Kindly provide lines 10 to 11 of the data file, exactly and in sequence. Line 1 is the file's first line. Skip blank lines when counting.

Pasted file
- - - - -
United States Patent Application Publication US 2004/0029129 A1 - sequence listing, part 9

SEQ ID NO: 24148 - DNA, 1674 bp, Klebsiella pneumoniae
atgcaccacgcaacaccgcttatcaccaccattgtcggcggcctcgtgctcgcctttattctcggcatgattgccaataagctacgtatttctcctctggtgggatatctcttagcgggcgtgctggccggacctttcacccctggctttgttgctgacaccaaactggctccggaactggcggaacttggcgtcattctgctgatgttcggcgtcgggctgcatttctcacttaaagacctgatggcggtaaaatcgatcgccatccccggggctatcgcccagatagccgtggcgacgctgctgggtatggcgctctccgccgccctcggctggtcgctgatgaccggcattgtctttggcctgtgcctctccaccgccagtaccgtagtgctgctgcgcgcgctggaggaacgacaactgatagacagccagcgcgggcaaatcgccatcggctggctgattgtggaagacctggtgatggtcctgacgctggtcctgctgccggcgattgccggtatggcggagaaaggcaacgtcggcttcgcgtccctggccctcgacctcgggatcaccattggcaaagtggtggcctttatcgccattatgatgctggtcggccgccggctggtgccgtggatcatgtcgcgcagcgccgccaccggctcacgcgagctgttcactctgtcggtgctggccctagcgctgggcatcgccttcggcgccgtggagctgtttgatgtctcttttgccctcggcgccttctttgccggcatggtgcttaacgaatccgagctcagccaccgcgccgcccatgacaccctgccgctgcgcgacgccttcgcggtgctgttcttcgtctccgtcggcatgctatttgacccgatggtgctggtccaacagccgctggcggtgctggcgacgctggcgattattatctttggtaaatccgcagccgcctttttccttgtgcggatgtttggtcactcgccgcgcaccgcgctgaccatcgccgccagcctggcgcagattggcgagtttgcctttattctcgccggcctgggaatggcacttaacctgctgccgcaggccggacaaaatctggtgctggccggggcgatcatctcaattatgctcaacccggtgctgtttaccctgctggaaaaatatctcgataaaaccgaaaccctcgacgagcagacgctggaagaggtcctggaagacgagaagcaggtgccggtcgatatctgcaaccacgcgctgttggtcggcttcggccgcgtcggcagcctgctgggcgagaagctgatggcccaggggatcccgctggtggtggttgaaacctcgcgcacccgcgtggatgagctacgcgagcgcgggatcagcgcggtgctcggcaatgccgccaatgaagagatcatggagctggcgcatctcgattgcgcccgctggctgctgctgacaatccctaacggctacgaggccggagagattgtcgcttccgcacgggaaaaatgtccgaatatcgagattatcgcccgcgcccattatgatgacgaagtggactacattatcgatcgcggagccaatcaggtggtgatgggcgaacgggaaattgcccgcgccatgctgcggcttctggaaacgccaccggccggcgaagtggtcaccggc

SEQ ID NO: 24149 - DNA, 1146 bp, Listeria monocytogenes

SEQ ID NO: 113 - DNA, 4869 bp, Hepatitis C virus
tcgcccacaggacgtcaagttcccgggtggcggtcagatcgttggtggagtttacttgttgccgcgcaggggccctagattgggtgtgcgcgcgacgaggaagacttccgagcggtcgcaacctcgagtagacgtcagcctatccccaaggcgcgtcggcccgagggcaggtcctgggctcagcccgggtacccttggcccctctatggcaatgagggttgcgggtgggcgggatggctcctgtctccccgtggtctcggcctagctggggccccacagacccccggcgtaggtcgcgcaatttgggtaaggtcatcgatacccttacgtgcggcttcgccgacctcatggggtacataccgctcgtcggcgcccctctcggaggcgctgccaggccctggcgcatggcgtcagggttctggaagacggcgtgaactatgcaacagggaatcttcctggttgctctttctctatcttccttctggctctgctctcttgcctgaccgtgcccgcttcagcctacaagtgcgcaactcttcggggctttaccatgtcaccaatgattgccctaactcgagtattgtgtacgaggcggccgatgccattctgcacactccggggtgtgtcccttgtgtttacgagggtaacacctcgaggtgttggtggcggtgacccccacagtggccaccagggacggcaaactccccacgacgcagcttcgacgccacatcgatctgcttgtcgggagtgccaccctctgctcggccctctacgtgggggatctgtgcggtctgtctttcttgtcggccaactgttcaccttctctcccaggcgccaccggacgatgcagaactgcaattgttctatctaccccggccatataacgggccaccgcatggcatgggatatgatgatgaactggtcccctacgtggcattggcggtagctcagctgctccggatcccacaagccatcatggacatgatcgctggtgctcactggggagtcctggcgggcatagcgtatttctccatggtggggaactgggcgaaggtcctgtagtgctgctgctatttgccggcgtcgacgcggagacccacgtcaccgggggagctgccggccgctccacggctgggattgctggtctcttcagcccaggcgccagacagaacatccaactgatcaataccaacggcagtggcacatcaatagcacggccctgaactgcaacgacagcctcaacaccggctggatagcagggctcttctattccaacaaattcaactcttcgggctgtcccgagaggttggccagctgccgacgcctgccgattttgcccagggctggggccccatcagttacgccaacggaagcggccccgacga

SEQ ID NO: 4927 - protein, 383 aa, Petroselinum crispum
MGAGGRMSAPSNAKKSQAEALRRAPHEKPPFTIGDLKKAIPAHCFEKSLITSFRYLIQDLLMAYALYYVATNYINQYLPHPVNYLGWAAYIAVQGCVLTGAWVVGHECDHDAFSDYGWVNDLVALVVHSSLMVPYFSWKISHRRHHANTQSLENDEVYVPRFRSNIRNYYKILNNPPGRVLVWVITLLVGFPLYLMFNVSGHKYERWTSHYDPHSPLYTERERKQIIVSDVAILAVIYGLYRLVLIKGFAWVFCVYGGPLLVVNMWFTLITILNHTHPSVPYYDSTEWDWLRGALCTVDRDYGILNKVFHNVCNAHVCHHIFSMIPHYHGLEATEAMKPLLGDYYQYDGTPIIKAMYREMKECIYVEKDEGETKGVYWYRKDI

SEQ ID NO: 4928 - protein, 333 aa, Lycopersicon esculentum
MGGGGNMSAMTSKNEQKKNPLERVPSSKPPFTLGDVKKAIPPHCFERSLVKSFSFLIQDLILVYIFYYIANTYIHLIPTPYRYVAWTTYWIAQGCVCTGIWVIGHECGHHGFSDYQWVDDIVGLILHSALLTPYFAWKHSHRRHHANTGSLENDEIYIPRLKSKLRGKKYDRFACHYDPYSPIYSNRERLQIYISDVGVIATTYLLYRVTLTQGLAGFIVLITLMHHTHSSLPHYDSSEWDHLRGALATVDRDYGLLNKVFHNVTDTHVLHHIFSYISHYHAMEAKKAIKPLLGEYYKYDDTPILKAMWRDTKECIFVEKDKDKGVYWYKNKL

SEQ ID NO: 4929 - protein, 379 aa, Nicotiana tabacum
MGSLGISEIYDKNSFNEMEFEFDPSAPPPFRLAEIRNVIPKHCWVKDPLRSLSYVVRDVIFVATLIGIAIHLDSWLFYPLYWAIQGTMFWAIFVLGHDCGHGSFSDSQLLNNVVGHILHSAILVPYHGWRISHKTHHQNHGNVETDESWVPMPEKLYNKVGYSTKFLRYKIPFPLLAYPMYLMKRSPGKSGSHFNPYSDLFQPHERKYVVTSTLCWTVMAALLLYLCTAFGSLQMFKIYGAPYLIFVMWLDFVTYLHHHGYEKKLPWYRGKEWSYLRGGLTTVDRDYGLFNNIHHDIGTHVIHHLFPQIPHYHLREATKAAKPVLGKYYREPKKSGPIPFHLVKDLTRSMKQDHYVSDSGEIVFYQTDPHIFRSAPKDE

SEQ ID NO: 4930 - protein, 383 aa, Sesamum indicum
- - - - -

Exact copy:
MGGGGNMSAMTSKNEQKKNPLERVPSSKPPFTLGDVKKAIPPHCFERSLVKSFSFLIQDLILVYIFYYIANTYIHLIPTPYRYVAWTTYWIAQGCVCTGIWVIGHECGHHGFSDYQWVDDIVGLILHSALLTPYFAWKHSHRRHHANTGSLENDEIYIPRLKSKLRGKKYDRFACHYDPYSPIYSNRERLQIYISDVGVIATTYLLYRVTLTQGLAGFIVLITLMHHTHSSLPHYDSSEWDHLRGALATVDRDYGLLNKVFHNVTDTHVLHHIFSYISHYHAMEAKKAIKPLLGEYYKYDDTPILKAMWRDTKECIFVEKDKDKGVYWYKNKL

SEQ ID NO: 4929 - protein, 379 aa, Nicotiana tabacum